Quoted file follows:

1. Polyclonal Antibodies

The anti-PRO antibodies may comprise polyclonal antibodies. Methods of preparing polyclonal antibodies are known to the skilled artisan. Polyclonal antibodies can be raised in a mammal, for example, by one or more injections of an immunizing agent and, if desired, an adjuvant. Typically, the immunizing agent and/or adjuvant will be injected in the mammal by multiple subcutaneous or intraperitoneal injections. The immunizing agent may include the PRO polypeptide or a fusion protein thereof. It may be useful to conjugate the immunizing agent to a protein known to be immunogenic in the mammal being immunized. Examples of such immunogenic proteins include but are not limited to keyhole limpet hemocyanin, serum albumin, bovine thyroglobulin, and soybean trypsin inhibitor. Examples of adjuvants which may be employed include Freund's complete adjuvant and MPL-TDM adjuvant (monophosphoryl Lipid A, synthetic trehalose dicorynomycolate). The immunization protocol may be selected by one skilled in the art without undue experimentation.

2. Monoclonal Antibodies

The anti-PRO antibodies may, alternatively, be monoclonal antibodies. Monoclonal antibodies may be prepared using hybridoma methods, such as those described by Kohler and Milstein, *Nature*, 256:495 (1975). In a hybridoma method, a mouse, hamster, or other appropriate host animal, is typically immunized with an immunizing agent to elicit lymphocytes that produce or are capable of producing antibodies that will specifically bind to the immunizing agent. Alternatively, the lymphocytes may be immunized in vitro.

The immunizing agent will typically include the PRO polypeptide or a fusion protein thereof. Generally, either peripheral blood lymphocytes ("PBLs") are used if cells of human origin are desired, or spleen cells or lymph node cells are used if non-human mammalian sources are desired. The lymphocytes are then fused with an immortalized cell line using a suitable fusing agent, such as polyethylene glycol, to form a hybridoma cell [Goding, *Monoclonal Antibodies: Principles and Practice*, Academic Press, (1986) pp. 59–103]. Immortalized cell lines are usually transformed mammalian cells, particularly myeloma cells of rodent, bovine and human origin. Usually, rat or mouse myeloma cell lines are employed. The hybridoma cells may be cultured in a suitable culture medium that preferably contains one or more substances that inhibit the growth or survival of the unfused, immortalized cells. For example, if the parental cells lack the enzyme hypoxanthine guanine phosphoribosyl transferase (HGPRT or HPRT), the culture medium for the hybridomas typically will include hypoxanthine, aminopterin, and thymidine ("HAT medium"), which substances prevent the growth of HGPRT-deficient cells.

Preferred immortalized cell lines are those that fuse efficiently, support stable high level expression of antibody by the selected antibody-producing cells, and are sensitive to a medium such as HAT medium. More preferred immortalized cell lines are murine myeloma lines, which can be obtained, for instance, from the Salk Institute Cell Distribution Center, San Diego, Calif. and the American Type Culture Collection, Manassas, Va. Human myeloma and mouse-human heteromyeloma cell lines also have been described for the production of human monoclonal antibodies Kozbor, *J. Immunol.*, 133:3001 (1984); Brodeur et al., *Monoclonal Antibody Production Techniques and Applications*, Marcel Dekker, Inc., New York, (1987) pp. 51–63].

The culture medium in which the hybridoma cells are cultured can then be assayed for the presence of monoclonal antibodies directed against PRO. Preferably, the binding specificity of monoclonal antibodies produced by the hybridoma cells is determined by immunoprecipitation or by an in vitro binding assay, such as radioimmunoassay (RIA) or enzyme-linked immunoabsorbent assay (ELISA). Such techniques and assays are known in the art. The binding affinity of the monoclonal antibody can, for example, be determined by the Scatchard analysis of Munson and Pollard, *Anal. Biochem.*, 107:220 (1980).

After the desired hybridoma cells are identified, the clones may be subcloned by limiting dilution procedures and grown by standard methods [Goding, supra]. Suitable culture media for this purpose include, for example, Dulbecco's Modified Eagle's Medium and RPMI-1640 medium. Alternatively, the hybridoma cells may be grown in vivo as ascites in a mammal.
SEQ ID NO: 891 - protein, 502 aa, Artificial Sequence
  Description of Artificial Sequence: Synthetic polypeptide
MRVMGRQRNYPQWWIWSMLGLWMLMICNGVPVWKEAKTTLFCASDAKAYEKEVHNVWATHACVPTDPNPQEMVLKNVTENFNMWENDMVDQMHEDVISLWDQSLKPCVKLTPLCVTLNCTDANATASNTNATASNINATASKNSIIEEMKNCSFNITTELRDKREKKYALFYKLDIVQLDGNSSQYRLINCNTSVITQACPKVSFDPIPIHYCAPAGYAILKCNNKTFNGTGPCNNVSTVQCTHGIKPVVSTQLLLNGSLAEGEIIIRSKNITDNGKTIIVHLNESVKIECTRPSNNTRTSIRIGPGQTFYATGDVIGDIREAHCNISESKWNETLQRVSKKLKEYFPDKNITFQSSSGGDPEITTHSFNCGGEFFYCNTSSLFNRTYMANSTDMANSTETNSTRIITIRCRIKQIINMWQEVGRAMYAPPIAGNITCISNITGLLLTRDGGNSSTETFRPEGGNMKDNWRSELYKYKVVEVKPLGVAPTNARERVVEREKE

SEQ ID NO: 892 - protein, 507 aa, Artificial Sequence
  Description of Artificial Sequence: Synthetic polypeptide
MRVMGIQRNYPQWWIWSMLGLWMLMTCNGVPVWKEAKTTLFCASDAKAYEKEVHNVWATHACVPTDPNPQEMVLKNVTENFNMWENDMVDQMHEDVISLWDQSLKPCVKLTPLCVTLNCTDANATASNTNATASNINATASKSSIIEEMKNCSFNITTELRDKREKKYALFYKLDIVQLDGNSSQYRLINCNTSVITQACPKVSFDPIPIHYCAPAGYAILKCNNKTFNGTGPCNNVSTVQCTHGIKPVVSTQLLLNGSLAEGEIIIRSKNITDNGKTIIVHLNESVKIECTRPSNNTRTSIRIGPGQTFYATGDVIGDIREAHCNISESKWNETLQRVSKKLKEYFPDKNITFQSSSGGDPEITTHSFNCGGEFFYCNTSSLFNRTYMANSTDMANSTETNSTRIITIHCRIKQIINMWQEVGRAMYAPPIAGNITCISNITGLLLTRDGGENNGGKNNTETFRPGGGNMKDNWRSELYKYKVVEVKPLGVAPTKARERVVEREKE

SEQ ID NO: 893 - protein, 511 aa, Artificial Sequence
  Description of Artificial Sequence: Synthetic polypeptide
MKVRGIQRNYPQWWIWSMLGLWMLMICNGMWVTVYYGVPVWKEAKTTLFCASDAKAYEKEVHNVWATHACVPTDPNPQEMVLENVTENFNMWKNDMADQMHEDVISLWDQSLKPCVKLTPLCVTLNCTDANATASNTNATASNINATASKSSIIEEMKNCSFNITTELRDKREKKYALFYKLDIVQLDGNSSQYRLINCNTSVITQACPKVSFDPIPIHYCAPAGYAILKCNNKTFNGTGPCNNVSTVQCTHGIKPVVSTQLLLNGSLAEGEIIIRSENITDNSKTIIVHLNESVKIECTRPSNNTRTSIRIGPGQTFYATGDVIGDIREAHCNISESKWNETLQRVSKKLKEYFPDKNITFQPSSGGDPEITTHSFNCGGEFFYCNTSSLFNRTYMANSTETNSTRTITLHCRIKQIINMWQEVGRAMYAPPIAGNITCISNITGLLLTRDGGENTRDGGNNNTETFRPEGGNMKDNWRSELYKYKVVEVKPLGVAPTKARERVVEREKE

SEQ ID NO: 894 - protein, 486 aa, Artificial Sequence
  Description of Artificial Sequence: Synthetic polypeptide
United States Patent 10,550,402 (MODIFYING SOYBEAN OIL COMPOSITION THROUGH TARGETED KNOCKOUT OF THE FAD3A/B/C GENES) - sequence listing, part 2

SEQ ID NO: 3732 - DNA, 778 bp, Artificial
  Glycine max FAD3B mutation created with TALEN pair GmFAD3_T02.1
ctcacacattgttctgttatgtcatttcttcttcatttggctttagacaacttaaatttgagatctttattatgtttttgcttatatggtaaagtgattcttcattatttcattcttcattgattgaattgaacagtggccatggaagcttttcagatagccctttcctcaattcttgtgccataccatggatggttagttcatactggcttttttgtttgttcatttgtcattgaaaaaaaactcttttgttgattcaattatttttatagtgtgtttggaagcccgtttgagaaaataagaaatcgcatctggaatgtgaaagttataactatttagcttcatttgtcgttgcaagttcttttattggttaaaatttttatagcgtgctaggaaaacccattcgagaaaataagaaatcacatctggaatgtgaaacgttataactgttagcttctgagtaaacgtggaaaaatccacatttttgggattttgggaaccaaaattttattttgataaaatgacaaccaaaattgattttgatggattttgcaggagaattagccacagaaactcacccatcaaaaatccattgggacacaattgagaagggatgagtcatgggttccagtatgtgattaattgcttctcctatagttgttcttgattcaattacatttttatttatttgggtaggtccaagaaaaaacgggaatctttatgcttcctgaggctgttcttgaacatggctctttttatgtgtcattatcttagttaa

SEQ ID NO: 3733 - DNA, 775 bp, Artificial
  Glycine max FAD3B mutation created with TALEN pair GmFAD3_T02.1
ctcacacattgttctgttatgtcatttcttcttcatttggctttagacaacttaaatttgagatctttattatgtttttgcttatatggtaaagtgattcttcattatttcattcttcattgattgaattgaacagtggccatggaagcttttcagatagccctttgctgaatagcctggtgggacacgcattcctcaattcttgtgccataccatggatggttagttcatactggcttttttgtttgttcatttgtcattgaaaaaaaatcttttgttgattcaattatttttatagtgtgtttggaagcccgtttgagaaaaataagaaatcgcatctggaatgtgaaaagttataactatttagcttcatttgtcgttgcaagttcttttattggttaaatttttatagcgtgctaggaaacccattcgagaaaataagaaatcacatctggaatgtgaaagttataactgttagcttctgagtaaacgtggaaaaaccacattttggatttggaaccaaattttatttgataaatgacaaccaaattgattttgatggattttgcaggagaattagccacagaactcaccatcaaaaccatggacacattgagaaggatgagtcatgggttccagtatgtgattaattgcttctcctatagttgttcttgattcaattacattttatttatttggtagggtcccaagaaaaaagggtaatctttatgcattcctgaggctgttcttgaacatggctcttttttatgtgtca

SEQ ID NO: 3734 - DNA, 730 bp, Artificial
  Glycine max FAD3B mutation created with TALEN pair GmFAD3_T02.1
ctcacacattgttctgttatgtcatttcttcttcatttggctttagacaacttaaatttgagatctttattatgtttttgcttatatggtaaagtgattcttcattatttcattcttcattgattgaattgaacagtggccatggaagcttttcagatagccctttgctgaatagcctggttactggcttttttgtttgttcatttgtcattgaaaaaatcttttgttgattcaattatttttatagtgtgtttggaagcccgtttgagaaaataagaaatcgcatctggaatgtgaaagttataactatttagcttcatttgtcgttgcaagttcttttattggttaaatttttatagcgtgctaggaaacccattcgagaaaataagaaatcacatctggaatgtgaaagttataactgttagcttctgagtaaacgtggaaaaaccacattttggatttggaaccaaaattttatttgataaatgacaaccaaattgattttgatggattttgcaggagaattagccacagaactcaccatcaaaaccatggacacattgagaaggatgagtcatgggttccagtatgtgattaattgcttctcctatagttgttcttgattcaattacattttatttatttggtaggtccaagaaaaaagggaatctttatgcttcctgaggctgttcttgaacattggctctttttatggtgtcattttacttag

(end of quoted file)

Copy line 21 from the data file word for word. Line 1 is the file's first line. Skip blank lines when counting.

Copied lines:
SEQ ID NO: 3732 - DNA, 778 bp, Artificial